Canadian women say their quality of life has been destroyed by painful and seemingly intractable bacterial infections caused by pelvic mesh implants used to treat incontinence.

The news comes as some U.S. states are suing a major mesh manufacturer, alleging that thousands of women face complications, including a risk of chronic infection, sometimes years after surgery.

There are thousands of lawsuits underway around the world.

Chrissy Brajcic, 40, of Windsor, Ont., says she lies in bed all day “in agony” due to the nausea, vomiting and pain she still has more than a year after the removal of a polypropelene mesh implant.

Doctors had recommended the mesh to stop incontinence following childbirth. It left her feeling like she had “barbed wire” in her abdomen, she said. The pain was so bad she couldn’t continue her work as an interior decorator and had difficulty walking.

After the mesh was removed in February 2015, the pain continued and the intractable urinary tract infections began. “It feels like I’m dying from the inside and I’ve lost all sense of normalcy in my life,” she said.

Brajcic’s infections don’t appear to be responding to a growing list of antibiotics. She says each subsequent infection is worse than the one before.

“The future is very uncertain,” according to Brajcic. “We don’t know if anyone is able to kill these infections at this point because nothing has worked in the past year.”

“I’m in a terrifying place,” she added.

Brajcic said her goal is to get all pelvic mesh off the market until further studies are done.

Diane Fichter, a B.C. woman among dozens who approached CTV News in 2012 to discuss painful complications, says doctors have run out of antibiotics to treat her latest infection, which began last September.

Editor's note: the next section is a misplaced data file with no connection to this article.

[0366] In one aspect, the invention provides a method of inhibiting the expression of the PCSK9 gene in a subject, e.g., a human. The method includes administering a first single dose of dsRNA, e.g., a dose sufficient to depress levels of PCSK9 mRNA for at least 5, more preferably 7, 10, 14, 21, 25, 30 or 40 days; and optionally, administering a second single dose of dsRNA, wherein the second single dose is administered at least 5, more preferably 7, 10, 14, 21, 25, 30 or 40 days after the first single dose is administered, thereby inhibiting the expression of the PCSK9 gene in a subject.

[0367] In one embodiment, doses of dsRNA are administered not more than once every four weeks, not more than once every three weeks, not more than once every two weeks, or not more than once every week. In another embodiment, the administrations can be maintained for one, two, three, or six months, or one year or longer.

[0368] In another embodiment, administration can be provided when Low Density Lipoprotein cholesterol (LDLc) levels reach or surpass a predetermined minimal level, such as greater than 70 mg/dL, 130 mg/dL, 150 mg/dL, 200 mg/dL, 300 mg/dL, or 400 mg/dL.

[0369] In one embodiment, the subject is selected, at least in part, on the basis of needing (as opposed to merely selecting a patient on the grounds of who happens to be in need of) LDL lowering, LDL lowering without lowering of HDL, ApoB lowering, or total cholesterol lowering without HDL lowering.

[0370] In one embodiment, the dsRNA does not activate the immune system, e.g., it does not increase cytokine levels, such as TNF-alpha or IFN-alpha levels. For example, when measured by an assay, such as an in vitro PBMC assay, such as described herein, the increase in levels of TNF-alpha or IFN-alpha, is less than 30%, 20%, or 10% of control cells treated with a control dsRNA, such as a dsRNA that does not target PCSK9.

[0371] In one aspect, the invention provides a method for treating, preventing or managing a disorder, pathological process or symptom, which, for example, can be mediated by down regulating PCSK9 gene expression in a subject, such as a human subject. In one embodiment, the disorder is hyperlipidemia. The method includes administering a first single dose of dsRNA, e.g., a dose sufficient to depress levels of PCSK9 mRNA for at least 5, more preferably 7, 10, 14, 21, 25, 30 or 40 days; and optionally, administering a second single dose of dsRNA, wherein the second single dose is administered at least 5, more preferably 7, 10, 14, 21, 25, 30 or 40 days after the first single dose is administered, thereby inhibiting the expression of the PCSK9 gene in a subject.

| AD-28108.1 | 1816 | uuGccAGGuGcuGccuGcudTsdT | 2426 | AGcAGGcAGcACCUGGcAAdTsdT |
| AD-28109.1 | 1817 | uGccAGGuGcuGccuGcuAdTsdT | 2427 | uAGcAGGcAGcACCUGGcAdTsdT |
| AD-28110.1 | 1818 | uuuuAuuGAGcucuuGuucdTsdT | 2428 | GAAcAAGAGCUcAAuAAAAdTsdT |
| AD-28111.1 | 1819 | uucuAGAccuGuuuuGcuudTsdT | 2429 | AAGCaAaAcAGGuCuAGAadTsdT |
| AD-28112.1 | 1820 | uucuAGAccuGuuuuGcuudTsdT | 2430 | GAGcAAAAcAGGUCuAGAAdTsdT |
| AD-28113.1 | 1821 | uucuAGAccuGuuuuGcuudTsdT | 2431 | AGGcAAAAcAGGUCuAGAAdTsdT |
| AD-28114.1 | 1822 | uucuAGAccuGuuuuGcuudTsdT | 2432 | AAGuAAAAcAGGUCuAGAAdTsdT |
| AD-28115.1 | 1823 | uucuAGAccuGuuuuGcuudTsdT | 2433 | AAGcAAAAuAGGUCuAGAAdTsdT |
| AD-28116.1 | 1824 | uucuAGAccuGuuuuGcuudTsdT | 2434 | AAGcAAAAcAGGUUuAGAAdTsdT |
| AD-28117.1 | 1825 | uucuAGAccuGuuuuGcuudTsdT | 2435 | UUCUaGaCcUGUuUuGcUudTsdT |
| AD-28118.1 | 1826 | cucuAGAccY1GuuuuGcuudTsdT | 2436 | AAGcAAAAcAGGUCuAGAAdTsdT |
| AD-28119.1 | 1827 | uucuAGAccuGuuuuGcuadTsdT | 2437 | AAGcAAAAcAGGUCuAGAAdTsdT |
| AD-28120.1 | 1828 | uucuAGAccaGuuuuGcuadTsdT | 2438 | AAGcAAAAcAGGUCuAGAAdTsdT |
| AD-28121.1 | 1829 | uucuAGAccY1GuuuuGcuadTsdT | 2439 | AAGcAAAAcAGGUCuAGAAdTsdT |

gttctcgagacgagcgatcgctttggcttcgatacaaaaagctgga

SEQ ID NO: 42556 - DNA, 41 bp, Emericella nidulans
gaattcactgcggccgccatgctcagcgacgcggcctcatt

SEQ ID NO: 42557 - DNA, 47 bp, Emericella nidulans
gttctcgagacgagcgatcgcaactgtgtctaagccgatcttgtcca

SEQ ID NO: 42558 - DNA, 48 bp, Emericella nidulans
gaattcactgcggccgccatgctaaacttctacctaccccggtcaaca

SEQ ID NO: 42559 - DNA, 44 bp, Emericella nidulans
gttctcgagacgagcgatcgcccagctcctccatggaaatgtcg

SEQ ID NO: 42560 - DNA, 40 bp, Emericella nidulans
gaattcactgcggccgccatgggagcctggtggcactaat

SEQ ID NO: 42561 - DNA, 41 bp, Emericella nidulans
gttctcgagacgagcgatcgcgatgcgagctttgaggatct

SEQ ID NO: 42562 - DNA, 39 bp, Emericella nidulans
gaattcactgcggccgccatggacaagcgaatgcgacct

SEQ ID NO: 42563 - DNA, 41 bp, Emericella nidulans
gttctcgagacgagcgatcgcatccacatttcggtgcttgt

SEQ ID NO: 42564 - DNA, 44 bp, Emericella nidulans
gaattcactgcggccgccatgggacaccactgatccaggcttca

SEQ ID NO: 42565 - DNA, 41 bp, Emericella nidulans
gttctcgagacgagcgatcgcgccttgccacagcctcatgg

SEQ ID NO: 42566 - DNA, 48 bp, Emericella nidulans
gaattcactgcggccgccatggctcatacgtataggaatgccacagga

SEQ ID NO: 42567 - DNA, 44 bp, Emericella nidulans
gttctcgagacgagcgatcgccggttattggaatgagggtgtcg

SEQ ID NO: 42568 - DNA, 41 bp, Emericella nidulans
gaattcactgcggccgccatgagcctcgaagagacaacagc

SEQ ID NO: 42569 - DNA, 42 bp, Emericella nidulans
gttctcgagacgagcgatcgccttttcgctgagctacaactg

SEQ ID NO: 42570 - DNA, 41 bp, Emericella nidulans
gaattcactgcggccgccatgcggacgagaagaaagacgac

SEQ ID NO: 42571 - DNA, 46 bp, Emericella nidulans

Fichter’s implants were put in place for incontinence and organ prolapse seven years ago and, like Brajcic, she suffered so much pain that she had most of the mesh removed.

“Physically it’s extremely hard,” she said. “Emotionally, it’s extremely hard.”

The intravenous antibiotics Fichter has taken have caused anaphylactic shock, along with extreme nausea and vomiting, so she is afraid to take any more.

Fichter encourages women considering mesh implants to educate themselves. One website, Mesh Problems, lists some of the research and women’s stories.

Earlier this year, the U.S. FDA reclassified pelvic mesh to repair pelvic organ prolapse from the moderate-risk category to the high-risk category of devices. Mesh devices for stress incontinence were not reclassified.

“The orders will require manufacturers to address safety concerns, including severe pelvic pain and organ perforation,” the FDA said at the time.

Dr. Blayne Welk, a urologist and assistant professor of surgery at Western University in London, Ont., performs mesh removals several times a month at St Joseph’s Heath Care London.

He has conducted studies showing that about five per cent of women in Ontario have the implants removed due to complications. Other studies have found much higher rates of complications, up to 30 per cent.

Dr. Welk says the recurrent bladder and kidney infections in a “fairly small group” of patients are a concern, but he doesn’t think the mesh should be removed from the market.

“It’s a tool that should be used for the right patients,” he said.

Doctors are trying to figure out why a subset of women, such as Brajcic, are suffering from chronic infections even after the mesh is removed.

Dr. Welk points to research that suggests the mesh may sometimes be “be colonized with bacteria at the time of implantation” that leads to chronic inflammation.

“Those women should be followed by surgeons for a couple of years afterward to ensure they don’t develop complications,” he said, “… and to be able to treat and intervene in a timely manner if they do.”

With a report from CTV's medical specialist Avis Favaro and producer Elizabeth St. Philip